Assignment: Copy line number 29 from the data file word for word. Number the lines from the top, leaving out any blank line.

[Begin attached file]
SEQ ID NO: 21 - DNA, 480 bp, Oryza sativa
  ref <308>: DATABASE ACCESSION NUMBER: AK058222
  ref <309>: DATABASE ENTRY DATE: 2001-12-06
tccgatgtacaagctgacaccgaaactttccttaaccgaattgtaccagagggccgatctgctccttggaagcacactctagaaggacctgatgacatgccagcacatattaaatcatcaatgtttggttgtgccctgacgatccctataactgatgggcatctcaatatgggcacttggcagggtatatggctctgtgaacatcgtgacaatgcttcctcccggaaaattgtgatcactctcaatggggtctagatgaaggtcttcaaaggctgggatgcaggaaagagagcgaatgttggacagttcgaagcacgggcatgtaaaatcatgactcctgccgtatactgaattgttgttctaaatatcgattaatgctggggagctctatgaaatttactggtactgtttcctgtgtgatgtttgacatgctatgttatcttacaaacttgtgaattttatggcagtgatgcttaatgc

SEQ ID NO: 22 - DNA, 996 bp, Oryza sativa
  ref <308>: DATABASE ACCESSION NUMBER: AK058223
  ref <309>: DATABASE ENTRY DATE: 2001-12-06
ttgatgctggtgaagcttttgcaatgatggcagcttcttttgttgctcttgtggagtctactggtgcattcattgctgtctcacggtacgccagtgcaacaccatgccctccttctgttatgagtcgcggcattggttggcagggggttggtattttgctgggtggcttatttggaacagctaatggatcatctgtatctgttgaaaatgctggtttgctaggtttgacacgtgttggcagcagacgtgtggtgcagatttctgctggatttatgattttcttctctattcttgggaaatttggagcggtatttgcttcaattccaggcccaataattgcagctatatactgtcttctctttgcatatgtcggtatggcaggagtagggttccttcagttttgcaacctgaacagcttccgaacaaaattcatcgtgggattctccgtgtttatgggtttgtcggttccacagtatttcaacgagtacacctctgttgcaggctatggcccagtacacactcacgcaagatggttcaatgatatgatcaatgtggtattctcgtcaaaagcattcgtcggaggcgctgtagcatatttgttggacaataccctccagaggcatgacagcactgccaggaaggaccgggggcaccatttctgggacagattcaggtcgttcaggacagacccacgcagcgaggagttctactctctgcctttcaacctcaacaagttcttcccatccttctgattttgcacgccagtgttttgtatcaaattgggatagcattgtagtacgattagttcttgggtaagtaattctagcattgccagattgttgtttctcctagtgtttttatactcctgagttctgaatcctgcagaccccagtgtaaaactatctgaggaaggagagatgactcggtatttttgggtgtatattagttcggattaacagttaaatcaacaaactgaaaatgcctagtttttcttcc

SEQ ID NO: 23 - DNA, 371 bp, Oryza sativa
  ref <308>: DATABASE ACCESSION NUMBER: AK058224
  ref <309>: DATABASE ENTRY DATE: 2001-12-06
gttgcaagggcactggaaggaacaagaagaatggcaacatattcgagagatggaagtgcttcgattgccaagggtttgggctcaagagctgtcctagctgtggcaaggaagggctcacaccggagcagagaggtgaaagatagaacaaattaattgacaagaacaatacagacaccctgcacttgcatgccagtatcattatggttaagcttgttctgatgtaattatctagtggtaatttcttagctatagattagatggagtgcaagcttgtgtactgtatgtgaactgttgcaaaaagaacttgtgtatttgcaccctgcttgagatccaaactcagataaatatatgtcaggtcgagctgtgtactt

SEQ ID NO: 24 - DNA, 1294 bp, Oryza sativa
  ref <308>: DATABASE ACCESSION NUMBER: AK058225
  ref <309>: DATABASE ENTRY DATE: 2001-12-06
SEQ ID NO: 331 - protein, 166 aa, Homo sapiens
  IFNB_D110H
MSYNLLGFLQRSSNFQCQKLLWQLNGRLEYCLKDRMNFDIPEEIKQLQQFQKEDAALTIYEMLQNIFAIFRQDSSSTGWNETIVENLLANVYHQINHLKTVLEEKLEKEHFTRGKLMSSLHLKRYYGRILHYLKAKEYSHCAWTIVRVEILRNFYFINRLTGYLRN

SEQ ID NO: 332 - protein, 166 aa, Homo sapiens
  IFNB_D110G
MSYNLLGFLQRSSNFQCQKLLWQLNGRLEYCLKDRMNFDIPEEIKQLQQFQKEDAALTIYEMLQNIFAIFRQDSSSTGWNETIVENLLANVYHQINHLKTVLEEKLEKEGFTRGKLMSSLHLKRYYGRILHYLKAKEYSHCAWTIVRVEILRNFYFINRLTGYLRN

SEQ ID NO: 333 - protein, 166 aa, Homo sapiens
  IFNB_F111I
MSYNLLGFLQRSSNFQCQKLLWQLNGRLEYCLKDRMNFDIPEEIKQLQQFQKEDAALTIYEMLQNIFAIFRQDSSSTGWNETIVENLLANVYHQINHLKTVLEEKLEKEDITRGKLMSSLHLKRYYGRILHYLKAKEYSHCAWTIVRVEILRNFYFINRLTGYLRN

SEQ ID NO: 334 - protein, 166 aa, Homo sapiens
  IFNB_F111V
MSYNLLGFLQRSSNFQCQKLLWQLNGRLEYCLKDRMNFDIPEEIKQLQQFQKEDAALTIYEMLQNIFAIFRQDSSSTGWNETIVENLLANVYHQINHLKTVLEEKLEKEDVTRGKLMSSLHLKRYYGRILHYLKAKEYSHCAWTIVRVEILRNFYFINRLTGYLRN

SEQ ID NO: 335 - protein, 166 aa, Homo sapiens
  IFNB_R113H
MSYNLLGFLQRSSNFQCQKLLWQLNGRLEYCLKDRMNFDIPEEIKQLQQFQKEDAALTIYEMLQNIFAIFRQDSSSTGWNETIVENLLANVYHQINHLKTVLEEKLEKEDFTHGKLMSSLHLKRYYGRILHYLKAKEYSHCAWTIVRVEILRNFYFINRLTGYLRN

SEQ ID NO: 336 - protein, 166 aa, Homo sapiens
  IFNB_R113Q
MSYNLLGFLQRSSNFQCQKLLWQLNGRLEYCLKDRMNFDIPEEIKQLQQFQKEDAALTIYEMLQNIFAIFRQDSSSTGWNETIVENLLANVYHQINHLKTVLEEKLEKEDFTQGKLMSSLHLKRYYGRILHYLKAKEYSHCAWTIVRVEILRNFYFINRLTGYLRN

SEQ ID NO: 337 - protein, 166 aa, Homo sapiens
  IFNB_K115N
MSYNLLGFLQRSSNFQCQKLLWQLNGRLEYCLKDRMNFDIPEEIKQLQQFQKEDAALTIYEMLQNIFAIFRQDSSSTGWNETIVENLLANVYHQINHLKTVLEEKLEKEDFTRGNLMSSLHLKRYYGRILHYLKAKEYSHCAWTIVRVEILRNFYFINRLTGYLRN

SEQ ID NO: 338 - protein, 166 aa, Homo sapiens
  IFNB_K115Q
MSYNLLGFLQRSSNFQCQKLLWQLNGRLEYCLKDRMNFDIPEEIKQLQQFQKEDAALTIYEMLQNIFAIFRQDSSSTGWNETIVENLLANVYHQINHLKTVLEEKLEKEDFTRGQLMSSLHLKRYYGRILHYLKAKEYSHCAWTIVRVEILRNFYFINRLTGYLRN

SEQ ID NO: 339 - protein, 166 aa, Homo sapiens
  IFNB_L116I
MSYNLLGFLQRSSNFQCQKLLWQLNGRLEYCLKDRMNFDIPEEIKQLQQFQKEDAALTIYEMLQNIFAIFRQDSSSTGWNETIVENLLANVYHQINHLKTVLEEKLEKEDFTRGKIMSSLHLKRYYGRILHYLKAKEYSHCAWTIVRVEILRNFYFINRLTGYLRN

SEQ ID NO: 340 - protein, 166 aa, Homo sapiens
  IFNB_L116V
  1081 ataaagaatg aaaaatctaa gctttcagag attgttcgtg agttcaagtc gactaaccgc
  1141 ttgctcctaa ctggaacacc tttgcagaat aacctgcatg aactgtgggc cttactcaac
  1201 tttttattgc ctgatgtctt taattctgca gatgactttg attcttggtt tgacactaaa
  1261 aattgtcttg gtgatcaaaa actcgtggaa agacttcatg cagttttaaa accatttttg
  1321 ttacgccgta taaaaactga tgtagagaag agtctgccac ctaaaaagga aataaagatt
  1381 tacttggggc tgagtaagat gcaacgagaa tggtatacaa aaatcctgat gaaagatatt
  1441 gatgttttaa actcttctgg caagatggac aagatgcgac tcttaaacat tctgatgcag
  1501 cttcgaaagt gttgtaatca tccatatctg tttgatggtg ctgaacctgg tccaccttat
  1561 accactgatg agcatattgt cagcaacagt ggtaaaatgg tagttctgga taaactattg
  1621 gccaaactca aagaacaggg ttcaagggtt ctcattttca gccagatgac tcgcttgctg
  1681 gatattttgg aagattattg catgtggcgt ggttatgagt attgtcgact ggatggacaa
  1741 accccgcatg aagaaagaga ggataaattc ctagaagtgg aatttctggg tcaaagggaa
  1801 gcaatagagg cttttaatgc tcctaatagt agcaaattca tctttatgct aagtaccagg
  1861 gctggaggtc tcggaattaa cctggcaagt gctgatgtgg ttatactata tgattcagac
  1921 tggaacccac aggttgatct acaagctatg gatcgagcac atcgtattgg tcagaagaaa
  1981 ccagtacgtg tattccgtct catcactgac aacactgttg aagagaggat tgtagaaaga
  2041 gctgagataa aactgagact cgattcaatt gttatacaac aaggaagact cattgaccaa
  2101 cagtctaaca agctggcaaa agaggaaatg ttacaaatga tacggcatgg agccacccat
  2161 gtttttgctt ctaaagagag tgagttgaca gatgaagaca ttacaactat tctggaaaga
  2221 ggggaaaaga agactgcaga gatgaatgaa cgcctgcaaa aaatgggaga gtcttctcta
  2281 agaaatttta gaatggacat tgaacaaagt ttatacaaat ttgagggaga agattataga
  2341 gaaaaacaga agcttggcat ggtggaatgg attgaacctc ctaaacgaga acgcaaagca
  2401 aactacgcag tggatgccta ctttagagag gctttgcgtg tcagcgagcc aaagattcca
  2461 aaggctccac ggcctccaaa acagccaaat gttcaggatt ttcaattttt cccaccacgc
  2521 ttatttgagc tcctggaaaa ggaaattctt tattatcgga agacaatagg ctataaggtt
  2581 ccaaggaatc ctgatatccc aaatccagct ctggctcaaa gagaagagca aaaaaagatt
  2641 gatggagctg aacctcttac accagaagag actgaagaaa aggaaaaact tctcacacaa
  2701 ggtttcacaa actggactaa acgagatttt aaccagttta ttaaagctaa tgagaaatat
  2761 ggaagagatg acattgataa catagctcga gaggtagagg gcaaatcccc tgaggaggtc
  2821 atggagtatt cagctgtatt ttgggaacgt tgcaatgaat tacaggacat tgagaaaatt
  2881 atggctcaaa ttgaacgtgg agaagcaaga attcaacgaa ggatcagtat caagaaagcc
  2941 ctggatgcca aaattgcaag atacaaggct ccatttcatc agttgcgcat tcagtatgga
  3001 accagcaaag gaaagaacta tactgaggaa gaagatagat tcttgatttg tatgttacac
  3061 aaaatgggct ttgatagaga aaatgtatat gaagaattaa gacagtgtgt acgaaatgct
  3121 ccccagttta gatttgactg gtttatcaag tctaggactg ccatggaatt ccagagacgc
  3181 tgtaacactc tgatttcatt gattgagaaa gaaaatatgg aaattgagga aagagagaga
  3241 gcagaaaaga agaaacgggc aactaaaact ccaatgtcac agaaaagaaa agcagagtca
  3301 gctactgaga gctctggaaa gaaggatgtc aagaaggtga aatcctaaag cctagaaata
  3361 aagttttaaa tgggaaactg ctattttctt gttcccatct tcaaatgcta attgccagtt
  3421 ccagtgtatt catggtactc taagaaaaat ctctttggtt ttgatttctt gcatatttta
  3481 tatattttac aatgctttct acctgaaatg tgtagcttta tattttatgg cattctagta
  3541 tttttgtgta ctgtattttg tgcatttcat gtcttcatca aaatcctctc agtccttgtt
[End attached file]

  IFNB_R113H